It was “American Idol” with a folk music twist in the Foster Auditorium in the Paterno Library last night for the “Stand Up & Sing Masterclass” event.
The event, presented by the Department of Arts and Sciences within the College of Liberal Arts, was held as a part of the Woody@100 Celebration held on campus and was led by Noel “Paul” Stookey of folk trio Peter, Paul and Mary.
Stookey and his daughter, Liz Stookey Sunde founded Music2Life, an organization that “harnesses the power of music for social change through entertainment, education, technology and artist collaboration,” according to its mission statement.
Last month, the organization hosted a contest, which invited the public to submit an original song. The top five contenders performed their songs last night before Stookey himself and a panel of judges, as well as a live audience.
Carolyn Malachi, a Grammy-award winning singer, and Jason McIntyre, a singer/songwriter from State College, joined Stookey, and together they acted as judges for the five finalists.
The winner of the event, Andy Tolins, will perform his song “Quicksilver” during “An Evening of Hard-Hitting Songs,” a program that celebrates Woody Guthrie’s music, held tonight at the State Theatre.
“Stand Up & Sing” did not ignore Guthrie’s musical influence.
“Woody Guthrie wrote songs with a social consciousness,” said Jerry Zolten, coordinator of Woody@100 events at Penn State.
Zolten, an associate professor of communication arts and sciences and American Studies at Penn State Altoona, believed the idea of the evening was to keep Woody’s name out there and alive and said to be conscious of the power of song.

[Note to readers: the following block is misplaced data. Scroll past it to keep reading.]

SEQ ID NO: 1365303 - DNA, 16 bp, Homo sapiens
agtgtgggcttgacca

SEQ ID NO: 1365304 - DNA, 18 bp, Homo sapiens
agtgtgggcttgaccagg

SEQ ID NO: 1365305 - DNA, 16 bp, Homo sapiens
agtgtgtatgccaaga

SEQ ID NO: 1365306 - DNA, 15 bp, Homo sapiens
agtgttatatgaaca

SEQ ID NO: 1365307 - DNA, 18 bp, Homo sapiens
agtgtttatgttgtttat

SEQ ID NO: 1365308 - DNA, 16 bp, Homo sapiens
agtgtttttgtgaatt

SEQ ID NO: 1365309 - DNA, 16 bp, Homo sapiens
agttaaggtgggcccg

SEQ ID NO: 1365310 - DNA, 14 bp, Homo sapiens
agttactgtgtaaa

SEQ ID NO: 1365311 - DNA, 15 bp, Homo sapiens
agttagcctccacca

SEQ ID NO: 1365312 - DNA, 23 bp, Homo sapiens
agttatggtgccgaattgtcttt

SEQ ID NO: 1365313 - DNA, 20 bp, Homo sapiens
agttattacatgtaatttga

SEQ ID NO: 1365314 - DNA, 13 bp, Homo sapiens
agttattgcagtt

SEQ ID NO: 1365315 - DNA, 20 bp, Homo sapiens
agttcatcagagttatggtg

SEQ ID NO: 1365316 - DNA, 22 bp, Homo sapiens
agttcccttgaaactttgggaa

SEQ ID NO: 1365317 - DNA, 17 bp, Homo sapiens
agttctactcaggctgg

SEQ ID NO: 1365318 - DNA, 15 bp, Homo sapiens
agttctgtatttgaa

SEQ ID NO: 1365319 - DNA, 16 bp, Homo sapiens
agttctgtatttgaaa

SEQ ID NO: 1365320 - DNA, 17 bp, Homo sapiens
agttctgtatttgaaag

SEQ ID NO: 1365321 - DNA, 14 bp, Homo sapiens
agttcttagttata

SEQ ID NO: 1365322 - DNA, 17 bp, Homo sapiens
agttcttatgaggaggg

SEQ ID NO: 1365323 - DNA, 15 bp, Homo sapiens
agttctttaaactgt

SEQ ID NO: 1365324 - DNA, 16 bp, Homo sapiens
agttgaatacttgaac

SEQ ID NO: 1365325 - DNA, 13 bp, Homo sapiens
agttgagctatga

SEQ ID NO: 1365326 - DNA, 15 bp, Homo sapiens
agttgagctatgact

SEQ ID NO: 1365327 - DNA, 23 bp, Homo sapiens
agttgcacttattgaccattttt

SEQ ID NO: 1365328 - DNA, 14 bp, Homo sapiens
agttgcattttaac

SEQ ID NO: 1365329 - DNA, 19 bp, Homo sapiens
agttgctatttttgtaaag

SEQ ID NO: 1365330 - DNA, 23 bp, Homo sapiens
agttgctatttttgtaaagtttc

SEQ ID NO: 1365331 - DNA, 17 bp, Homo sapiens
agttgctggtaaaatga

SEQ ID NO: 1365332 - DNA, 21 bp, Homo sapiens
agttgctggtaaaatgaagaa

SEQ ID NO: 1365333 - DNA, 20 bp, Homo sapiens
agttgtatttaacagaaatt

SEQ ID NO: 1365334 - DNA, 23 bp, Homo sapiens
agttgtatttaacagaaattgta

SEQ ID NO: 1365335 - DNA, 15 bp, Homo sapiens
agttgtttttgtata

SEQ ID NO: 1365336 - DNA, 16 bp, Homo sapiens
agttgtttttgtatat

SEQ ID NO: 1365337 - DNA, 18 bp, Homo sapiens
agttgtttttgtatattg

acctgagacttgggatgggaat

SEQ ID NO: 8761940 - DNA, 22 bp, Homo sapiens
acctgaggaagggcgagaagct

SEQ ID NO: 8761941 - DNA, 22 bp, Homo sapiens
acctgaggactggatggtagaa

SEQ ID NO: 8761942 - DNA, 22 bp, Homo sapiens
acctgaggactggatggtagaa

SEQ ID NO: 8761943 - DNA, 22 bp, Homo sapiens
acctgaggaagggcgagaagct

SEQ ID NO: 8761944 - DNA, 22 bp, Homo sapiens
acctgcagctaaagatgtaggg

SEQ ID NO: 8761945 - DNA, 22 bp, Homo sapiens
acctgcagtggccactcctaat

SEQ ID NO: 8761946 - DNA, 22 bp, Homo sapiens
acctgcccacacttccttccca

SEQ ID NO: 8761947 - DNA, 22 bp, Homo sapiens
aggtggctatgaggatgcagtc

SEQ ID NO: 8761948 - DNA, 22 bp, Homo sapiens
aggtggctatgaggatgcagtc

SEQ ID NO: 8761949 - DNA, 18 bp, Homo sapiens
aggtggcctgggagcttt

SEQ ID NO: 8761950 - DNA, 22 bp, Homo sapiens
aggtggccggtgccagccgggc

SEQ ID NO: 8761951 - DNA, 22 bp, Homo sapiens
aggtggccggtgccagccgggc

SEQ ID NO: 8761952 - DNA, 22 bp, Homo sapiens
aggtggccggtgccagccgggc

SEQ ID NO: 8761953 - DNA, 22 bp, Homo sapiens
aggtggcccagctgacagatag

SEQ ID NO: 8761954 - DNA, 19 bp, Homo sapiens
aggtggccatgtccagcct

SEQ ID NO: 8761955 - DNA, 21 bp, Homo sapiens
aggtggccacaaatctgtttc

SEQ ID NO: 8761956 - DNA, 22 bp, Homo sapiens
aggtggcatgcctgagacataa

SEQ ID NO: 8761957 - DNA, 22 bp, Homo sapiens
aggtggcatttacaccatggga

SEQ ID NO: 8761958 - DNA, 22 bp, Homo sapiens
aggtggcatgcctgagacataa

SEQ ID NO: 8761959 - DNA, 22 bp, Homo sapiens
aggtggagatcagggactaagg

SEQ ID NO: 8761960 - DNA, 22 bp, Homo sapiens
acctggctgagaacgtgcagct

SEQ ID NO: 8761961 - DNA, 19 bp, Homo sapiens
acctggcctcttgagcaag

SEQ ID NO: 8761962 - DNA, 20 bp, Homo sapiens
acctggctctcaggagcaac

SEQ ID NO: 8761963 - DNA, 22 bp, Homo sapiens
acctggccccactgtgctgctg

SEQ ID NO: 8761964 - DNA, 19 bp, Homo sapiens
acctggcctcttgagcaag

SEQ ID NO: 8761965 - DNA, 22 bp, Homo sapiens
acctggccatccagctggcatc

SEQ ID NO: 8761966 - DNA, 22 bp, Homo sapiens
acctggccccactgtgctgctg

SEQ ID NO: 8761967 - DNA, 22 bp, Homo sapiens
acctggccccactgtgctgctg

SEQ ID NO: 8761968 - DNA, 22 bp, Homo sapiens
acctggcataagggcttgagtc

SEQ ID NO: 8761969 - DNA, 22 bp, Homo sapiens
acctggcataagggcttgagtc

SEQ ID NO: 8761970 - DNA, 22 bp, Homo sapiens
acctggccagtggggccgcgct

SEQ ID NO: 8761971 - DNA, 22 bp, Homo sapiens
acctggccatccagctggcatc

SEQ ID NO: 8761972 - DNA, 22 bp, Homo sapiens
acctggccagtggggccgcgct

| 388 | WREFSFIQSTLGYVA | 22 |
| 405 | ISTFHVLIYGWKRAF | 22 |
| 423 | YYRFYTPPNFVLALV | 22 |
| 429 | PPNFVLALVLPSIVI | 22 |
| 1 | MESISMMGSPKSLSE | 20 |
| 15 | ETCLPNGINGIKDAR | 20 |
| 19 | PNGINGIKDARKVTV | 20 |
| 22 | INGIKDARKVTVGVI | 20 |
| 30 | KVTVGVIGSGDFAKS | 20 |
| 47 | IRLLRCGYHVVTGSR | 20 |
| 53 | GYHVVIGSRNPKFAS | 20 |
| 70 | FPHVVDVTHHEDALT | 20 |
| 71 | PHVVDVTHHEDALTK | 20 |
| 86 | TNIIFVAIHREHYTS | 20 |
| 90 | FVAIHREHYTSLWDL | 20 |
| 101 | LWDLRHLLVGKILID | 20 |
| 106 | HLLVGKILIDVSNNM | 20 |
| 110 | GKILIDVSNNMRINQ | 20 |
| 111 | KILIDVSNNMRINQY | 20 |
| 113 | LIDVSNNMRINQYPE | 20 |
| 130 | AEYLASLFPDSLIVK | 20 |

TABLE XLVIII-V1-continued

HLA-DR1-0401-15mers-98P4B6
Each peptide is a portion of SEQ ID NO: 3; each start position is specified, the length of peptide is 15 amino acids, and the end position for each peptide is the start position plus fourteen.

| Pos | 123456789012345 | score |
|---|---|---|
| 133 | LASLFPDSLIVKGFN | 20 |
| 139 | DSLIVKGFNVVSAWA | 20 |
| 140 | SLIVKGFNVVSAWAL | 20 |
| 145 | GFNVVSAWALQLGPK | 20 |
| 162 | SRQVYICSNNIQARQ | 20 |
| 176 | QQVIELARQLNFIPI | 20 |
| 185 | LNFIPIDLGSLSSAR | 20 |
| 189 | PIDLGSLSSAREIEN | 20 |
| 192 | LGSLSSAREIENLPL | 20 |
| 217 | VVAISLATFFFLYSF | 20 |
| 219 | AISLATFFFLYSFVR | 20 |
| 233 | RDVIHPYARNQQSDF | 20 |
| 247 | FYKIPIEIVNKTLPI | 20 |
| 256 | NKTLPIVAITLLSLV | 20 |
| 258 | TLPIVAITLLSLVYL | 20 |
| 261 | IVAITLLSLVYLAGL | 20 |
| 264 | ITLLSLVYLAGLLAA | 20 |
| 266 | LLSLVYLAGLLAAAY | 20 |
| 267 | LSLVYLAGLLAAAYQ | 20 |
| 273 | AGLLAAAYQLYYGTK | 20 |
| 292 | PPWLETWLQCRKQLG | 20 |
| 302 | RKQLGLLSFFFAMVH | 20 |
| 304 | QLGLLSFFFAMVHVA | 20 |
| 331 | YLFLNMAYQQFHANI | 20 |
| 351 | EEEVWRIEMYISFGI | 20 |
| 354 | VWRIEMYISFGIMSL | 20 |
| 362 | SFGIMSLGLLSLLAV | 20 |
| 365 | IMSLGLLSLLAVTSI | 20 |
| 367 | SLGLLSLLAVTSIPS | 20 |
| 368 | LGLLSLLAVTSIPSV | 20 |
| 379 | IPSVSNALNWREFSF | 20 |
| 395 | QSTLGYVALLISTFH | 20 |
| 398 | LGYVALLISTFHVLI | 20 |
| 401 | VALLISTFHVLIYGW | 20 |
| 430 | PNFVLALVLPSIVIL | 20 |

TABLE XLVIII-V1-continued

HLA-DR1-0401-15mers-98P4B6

“Songs can be more than entertainment,” he said. “They can change the way you think.”
He credits Guthrie’s musical influence to artists such as Bob Dylan and Bruce Springsteen.
Zolten introduced the evening’s live entertainment with Sunde, who was the executive director of the program.
“How do you make a powerful song of change?” Sunde asked the audience.
Sunde said Music2Life encourages a new generation of songs and songwriters.
“Our goal is to kind of refresh this as an art form,” she said. “Our charge is to ensure that this music lives, ideally, for new generations.”
The way they make Music2Life relevant to today’s generation is through technology, she said. There is a database on the website in which one can search for music by choosing a song, the artist or even the social cause the song is about.
“There is no central hub for musical activism,” she said. “There is no home base for the music, stories, artists or the impact that brings all that together.”
The songs the five finalists performed involved social messages or issues they cared about and received immediate feedback from Stookey, Malachi and McIntyre, all of whom performed a song before the finalists began their performances.
Denny and Sue Shaffner traveled from Clearfield County to enjoy the music of the performers.
Sue had submitted a song of her own to the contest with Denny accompanying on the guitar. Though she did not make it through, she said it was fun to write and they just wanted to come and listen.
Avid Peter, Paul and Mary fans, Denny said it didn’t hurt that Stookey was there.
“Paul Stookey has heard me sing and heard him play guitar. That’s not something everyone can say,” she said.
The celebration of Woody Guthrie’s 100th birthday continues with a free exhibit in the Borland Gallery including pictures of Guthrie and letters going on now. On Saturday, a conference will be held at the Nittany Lion Inn as well as “My Name is New York City,” an event held by Guthrie’s daughter Nora in the Osmond Auditorium, Zolten said.